drying is now done by ordinary people with a minimum of training, with excellent
results. In addition, the dehumidification technology Nyle and similar firms
have developed is dramatically less expensive than older technologies and, in a
hardwood scenario, cuts huge amounts of waste out of the process.
The California Department of
Forestry (CDF) has run a demonstration facility for a number of years to show
the forest industry that the more than 140 billion board feet of hardwoods
growing in California's forests could provide the resource base for a western
hardwood lumber industry. The unit, located at a CDF camp at Parlin Fork (near
Ft. Bragg on California's Northern coastal region) produces about 150,000 board
feet of grade hardwoods each year. The heart of the Parlin Fork operation is a
Nyle L-200 dehumidification dry kiln with a 2,000 board foot capacity, used to
finish dry lumber after it has been pre-dried in drying sheds.
Rayco T275 mulches debri
to avoid burning.
The Nyle unit was chosen,
according to Jim Anderson, founder of the project and a retired forester who
consults on drying, because it required a low capital investment while allowing
the benefits of excellent drying at low temperatures, low operating costs, and
with no pollution. "If you're a big operation running tens of millions of board
feet per year through the kilns, this might not be the best thing for you," he
commented. "But for the small to midsized operator, dehumidification kilns
represent an inexpensive, highly effective, and easy to learn way to add value
to sawn lumber." Dehumidification drying allows drying of small units of lumber,
reduces the waste inherent in other forms of drying, and is a base for a
hardwood lumber industry to utilize woods that could not be efficiently
processed in the past.
Ground preparation after a harvest has never been a huge deal in the Northwest,
but that too is changing. A big reason? Fire! Recent research by national
scientific groups has shown that forest fires and post harvest burns are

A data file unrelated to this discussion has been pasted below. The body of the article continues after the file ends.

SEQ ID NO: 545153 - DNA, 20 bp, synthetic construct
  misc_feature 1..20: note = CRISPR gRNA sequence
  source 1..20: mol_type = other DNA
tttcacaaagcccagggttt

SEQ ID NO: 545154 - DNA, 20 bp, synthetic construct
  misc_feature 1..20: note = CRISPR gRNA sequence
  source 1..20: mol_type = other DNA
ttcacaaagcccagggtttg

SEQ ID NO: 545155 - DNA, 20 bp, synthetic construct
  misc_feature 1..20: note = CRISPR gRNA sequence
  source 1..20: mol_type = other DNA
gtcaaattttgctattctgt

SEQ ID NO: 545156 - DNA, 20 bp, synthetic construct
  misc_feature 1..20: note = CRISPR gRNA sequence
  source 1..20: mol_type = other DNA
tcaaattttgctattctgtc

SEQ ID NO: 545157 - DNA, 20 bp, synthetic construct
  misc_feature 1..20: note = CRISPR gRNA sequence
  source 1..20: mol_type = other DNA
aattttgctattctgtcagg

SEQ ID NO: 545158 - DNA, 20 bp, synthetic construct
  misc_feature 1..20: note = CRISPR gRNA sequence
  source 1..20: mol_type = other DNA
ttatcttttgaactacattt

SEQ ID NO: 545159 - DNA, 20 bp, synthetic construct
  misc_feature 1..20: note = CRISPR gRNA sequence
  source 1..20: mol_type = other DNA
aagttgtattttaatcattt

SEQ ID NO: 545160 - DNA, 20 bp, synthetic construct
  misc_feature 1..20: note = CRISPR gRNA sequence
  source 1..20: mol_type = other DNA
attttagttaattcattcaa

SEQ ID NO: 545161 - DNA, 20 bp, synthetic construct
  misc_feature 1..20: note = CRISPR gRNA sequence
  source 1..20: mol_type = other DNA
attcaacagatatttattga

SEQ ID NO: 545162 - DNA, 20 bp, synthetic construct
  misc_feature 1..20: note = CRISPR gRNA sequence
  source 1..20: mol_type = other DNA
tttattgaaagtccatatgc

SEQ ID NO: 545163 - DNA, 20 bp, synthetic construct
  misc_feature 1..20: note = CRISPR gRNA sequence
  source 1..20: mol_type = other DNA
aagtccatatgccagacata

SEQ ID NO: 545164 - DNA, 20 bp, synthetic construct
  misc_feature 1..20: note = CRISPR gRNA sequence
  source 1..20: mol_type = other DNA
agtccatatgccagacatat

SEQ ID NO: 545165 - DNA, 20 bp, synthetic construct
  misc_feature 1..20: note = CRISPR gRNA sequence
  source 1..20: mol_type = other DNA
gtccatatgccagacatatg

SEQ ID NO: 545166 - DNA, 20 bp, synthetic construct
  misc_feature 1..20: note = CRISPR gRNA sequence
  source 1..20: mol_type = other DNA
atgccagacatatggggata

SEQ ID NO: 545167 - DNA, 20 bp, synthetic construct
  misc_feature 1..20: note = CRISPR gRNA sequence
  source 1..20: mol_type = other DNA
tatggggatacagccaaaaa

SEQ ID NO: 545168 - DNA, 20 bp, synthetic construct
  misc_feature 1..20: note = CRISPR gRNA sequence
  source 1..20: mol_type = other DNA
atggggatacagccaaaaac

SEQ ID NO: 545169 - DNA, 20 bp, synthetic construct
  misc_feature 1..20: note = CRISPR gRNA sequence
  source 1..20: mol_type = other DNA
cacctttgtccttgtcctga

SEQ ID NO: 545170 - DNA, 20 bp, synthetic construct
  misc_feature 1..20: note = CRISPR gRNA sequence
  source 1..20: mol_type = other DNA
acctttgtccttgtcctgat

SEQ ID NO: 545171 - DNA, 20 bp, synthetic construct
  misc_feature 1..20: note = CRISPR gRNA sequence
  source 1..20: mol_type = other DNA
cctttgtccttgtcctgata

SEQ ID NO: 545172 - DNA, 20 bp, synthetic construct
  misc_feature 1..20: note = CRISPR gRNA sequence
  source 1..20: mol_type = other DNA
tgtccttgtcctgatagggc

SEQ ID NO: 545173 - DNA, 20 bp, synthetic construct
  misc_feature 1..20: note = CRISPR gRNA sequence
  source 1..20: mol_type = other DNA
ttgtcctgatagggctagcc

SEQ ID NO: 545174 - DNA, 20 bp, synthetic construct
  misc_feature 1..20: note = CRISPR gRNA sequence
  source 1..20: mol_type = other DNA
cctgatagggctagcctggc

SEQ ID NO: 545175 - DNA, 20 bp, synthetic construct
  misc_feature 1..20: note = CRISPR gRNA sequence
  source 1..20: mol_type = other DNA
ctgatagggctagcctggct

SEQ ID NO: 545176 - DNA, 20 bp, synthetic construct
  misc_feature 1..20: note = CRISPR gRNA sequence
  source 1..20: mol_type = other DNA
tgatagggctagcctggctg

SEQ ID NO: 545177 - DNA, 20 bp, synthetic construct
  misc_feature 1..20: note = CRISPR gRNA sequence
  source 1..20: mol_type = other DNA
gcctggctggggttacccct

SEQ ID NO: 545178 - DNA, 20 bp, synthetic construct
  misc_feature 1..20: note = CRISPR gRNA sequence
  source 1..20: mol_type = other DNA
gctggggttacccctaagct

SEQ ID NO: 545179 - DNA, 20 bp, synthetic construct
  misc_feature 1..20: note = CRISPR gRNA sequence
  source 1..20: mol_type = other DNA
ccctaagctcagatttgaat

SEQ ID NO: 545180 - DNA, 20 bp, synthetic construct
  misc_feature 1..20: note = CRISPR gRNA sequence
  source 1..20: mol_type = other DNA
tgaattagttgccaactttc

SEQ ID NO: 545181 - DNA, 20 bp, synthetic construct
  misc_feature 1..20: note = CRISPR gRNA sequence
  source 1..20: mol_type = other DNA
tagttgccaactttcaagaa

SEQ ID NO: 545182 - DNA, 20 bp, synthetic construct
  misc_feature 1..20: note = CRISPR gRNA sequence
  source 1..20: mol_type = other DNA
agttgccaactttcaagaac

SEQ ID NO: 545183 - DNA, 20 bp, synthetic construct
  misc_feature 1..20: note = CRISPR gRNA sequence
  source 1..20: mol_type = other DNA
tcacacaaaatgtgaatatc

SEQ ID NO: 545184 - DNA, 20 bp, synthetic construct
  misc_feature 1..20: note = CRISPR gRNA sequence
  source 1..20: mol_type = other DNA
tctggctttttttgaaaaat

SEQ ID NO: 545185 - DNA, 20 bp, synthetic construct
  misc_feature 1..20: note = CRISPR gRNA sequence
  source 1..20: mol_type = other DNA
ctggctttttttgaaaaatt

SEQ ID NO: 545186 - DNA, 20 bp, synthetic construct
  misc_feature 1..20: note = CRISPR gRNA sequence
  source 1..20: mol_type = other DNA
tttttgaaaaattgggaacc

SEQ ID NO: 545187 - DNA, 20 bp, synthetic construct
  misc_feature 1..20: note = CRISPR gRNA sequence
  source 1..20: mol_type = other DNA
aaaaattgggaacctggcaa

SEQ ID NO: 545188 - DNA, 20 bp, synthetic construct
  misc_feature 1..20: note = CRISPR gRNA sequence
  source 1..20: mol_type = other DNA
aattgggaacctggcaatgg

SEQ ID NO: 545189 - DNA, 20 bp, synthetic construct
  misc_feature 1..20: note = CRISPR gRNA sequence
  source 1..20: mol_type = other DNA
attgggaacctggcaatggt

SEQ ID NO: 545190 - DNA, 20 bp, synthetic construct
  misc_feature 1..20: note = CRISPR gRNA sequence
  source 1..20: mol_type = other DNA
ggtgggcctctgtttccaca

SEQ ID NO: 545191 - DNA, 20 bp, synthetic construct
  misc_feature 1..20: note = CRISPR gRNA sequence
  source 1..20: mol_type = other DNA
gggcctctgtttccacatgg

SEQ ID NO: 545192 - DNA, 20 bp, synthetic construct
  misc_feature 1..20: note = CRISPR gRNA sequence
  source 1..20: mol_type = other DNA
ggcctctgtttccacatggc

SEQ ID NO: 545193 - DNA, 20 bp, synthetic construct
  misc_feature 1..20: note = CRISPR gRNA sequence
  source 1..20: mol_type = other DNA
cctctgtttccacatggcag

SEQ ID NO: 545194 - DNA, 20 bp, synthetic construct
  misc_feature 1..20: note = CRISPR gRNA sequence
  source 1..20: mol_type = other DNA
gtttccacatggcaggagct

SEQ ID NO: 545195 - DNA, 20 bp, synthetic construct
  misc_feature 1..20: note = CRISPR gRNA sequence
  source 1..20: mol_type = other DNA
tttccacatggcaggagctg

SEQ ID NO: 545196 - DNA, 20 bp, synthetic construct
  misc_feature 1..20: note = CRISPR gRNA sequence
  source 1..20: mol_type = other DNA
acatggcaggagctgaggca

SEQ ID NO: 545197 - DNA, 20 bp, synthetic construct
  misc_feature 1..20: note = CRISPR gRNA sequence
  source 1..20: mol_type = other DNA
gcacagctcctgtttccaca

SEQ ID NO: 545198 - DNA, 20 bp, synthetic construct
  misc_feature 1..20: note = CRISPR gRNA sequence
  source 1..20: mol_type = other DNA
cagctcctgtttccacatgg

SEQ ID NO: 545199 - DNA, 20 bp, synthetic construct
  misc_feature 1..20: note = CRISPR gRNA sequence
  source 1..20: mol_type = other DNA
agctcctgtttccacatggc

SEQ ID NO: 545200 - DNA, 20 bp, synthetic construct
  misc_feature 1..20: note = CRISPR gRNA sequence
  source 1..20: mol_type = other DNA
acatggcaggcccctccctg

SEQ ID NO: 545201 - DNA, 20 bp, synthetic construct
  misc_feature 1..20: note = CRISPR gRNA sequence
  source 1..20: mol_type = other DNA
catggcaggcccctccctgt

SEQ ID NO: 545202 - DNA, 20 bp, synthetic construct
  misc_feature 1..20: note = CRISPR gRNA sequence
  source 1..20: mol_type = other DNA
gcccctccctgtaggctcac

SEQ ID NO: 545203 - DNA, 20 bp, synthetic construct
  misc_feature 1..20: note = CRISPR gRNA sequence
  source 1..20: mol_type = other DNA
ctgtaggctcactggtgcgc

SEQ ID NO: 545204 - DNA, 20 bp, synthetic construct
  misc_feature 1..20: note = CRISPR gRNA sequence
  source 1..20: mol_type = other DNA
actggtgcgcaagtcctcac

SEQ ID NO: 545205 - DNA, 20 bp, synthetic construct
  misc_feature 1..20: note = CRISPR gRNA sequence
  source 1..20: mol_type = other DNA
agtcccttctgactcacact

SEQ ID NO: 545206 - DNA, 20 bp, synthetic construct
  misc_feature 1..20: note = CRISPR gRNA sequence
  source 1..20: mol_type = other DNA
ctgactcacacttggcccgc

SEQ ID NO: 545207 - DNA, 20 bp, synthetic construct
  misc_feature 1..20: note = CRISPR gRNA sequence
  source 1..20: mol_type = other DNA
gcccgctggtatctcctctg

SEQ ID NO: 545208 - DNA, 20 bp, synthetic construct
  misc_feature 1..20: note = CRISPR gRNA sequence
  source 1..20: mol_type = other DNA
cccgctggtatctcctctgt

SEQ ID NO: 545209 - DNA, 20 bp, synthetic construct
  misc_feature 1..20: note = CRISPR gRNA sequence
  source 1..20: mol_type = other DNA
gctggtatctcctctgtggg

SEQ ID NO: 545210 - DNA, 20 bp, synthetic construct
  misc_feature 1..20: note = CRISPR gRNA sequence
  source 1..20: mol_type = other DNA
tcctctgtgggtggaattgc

significant contributors of greenhouse gases to the atmosphere, as well as
injecting large and previously unsuspected amounts of mercury into the air.
Rayco has developed a multi-purpose tool being used by contractors around the
world to meet the need to treat the forest without burning.
The T275 site preparation machine,
equipped with a forestry mower/mulching system, is widely used not only to
transform post harvest land into a prepared landscape ready for reforestation or
property development, but also for a broad range of other forest treatment
opportunities. Scott Muir of Associated Arborists, a vegetation management firm
headquartered in Chico, Calif., says that in recent months, he has utilized his
machine in treating both public and private forests for reduction in the
potential for catastrophic fire, for contracting with transmission firms for
clearing and maintaining rights-of-way along roads and power lines, and for
contracting with cities to remove fireprone vegetation at the urban/rural
Demand for the machine has been so
great, and continues to expand at such a steady pace, that Scott has recently
purchased a second, "Just to keep up with the work." Today opportunity is
bursting through the door of the forest products industry. Harvesting
contractors and mill owners already have many of the available tools needed to
adjust to change in the future. It's simply a matter of foresight.